A couple days before the surgery, Stewart went to the pharmacy to pick up pain medication. He was in line, in the back. A girl was in front of him in gym shorts.

You don’t look sick, he said to her.

She looked at Stewart. You don’t either, she said.

I’m not, Stewart said. I’m getting painkillers. Surgery next week.

Fun, she said. Me too. What kind?

Shoulder surgery. You?

Boobs, she said. A couple people in lined turned.

It comes with the territory, she said. I just signed with Vivid Entertainment.

Nice, Stewart said. What’s your name?

She gave it to him in full.

At home, Stewart found her on the computer. He called his buddy Eric.

I met a girl and saw her naked five minutes later, he said.

 

The night before his surgery, he went on a date. Her name was Yvette and when she arrived at the restaurant, Stewart didn’t notice the dog with her until she sat down across from him in the booth. The dog’s orange head stuck out of her purse.

That’s Lola, my Pomeranian, Yvette said. She has suicidal tendencies so I have to bring her everywhere.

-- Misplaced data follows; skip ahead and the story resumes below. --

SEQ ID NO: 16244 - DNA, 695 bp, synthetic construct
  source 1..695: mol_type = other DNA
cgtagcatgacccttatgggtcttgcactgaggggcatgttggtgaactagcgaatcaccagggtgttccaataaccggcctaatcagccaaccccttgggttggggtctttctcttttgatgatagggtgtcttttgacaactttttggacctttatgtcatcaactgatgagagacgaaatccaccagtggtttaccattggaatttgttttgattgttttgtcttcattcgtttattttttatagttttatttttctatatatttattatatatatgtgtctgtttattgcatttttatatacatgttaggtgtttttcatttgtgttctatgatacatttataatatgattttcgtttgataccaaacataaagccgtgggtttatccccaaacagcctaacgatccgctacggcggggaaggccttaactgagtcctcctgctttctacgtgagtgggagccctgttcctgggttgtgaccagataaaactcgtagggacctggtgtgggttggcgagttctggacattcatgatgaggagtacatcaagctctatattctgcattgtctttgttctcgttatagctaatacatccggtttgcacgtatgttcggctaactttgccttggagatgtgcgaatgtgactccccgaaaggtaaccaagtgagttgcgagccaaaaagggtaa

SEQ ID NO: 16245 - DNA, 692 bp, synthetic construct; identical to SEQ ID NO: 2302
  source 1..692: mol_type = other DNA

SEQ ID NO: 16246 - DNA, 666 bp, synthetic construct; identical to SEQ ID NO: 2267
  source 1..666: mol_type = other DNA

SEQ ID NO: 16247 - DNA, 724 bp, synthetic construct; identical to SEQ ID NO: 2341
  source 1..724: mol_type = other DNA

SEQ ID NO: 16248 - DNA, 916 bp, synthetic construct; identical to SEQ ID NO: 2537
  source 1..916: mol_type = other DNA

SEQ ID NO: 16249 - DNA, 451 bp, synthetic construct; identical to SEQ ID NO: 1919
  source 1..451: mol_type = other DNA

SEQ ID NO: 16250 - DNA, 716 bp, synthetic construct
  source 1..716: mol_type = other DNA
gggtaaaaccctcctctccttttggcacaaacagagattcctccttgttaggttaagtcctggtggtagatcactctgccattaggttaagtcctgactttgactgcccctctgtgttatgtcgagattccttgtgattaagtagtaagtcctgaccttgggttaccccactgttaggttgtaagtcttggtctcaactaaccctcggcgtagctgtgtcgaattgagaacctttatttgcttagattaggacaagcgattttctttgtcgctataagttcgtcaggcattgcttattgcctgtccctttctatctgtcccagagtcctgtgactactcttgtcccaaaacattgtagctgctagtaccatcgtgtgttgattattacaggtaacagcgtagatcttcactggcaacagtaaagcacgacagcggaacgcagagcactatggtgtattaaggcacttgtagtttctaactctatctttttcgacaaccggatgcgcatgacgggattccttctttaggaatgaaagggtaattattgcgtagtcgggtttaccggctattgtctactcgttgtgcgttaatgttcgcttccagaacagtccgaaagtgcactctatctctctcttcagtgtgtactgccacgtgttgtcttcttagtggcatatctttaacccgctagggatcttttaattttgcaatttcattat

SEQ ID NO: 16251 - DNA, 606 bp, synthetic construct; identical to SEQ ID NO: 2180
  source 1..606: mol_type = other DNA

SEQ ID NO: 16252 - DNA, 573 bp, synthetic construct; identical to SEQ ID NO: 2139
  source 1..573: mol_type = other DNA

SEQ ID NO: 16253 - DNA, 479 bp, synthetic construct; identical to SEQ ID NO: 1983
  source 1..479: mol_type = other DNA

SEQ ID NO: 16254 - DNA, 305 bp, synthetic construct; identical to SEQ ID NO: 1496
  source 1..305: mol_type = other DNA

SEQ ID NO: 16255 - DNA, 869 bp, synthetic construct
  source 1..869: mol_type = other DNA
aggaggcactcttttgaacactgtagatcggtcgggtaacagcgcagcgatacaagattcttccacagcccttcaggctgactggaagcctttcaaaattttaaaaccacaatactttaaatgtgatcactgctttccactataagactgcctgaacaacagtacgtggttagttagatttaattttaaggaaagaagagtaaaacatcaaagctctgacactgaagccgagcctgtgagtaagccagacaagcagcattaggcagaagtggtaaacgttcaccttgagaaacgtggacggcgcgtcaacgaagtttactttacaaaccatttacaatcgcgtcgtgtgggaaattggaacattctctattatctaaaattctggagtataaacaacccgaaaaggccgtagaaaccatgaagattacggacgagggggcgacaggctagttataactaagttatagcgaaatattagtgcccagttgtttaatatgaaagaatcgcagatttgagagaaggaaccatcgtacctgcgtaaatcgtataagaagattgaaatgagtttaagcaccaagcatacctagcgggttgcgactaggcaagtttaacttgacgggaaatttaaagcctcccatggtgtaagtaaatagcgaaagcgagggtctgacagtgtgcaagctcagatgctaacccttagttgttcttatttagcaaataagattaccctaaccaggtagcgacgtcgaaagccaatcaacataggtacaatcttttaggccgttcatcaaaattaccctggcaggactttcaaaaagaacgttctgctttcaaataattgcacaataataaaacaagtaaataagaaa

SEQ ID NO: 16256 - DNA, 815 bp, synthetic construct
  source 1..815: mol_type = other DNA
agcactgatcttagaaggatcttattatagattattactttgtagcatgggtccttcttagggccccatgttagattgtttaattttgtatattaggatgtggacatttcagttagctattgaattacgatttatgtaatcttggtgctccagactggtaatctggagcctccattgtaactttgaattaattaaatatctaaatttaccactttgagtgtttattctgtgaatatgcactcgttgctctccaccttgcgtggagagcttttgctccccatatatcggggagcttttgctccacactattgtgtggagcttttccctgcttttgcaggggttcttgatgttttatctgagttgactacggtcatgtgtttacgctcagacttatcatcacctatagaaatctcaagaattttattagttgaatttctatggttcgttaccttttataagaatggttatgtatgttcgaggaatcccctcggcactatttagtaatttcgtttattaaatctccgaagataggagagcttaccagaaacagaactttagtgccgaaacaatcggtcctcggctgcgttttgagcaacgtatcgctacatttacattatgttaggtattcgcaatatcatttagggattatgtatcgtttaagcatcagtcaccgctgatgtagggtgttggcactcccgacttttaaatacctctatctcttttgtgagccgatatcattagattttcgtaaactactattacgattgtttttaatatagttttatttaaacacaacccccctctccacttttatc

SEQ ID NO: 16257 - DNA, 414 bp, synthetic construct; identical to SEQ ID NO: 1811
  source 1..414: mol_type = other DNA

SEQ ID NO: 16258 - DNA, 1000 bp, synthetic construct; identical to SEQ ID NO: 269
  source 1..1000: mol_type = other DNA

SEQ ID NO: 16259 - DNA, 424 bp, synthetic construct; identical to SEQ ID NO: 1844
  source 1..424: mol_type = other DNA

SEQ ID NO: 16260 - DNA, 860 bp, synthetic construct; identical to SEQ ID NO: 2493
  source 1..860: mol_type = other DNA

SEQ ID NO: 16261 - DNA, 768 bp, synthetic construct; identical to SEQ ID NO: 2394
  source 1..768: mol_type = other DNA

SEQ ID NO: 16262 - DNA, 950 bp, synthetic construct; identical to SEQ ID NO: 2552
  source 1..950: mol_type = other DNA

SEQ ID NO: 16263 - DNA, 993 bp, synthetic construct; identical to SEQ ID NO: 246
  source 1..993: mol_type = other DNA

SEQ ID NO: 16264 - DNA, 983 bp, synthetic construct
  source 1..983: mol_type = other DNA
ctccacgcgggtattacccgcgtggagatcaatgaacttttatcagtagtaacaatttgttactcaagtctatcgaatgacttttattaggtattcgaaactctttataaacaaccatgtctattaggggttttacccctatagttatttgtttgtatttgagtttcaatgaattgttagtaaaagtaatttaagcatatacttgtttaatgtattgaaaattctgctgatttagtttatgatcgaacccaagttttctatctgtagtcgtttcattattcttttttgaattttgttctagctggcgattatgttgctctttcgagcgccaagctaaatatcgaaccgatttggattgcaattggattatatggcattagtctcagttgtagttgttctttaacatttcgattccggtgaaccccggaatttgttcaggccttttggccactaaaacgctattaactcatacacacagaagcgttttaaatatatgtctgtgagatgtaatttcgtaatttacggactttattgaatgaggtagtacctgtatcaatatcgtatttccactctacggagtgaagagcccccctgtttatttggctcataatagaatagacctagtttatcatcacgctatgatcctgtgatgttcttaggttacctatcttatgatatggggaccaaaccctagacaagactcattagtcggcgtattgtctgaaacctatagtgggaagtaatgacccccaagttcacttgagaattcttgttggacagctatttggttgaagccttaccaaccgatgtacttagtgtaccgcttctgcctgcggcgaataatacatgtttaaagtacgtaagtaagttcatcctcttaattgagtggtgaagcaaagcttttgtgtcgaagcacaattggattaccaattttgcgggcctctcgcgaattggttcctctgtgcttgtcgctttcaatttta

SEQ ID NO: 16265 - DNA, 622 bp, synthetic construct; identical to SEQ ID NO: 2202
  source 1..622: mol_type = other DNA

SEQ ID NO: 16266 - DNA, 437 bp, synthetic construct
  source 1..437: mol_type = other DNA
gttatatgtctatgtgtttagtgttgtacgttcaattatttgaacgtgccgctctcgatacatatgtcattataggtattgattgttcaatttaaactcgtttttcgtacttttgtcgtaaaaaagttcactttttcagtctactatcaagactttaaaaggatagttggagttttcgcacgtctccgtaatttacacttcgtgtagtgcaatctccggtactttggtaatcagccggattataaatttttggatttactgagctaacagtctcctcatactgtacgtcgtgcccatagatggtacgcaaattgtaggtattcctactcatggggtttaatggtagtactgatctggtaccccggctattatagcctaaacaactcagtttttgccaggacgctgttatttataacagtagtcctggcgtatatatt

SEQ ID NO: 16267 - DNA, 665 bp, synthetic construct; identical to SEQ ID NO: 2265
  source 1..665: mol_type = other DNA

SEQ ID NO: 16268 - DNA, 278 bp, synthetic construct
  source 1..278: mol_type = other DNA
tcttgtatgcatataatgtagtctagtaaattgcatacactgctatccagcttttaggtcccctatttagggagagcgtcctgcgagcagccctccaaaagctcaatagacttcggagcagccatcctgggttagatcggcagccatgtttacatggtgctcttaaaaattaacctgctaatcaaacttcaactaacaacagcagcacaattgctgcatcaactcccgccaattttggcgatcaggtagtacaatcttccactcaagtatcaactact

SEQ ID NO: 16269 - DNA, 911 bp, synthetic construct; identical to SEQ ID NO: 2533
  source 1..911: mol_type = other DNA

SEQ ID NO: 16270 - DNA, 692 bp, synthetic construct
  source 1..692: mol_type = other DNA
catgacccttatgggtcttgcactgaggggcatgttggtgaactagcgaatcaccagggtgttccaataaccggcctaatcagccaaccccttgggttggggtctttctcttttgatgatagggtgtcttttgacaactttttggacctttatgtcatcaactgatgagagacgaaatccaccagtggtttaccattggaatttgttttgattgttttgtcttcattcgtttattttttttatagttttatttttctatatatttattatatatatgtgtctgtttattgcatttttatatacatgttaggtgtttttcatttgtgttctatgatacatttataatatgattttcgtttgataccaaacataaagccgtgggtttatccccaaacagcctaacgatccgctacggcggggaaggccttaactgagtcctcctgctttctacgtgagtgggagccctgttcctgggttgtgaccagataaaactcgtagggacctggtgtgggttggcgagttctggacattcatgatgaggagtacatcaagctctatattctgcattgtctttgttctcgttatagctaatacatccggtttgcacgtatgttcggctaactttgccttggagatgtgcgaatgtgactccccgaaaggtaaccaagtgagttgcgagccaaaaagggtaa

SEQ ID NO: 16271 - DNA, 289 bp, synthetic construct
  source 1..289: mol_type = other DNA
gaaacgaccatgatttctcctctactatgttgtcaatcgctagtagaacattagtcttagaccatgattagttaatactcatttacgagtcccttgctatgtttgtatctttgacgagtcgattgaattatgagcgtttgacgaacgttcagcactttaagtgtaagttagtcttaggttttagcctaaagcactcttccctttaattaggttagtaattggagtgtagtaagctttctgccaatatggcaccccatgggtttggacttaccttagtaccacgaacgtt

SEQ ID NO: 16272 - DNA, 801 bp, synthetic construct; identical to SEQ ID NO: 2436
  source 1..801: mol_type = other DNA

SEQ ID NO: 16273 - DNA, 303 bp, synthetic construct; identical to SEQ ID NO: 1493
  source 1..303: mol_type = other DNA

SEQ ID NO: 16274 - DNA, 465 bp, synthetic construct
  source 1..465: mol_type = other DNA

Plus, if Lola doesn’t like you, I don’t like you.

Hi, Lola, Stewart said.

Yvette had a diamond nose ring. She was blonde but her eyebrows were dark. Stewart had met her in the gym. He saw her there often. She always used the stair master, two steps at a time.

We probably can’t bring Lola to a bar, Stewart said.

Who said we were going anywhere after? Yvette asked.

During dinner, he learned many things about Yvette. Her eyes were blue or green depending on what she wore. Her brother delivered pizza. Last year, when she got in a car wreck, her father bought her a new Range Rover. Her first boyfriend was a fugitive, fleeing cross-country by train. Her second boyfriend had a weird “sex face” so she broke up with him and her third boyfriend installed stripper poles for a living. She was still friends with the third. In fact, he had dropped her off at the restaurant. After a few glasses of Chardonnay, she told Stewart that she never wore underwear.

When the bill arrived, Stewart noticed Yvette made no effort to reach for her purse.

I like when guys pay, she said.

 

When they got back to Stewart’s house, Yvette let Lola out of her purse onto the white carpet. The Pomeranian had trouble climbing the stairs due to its little legs, so Yvette lifted her up and carried her until they reached the living room.

She’s not going to take a shit, right? Stewart asked.

Lola can do whatever she wants, Yvette said.

Yvette settled into the couch. She wore a black dress that hiked up as she sat down. She crossed her legs and tossed her hair behind her. Lola, the dog, ran to a mini basketball on the ground. Stewart picked up the lone ball before Lola could reach it and put it back into the Pop-A-Shot machine.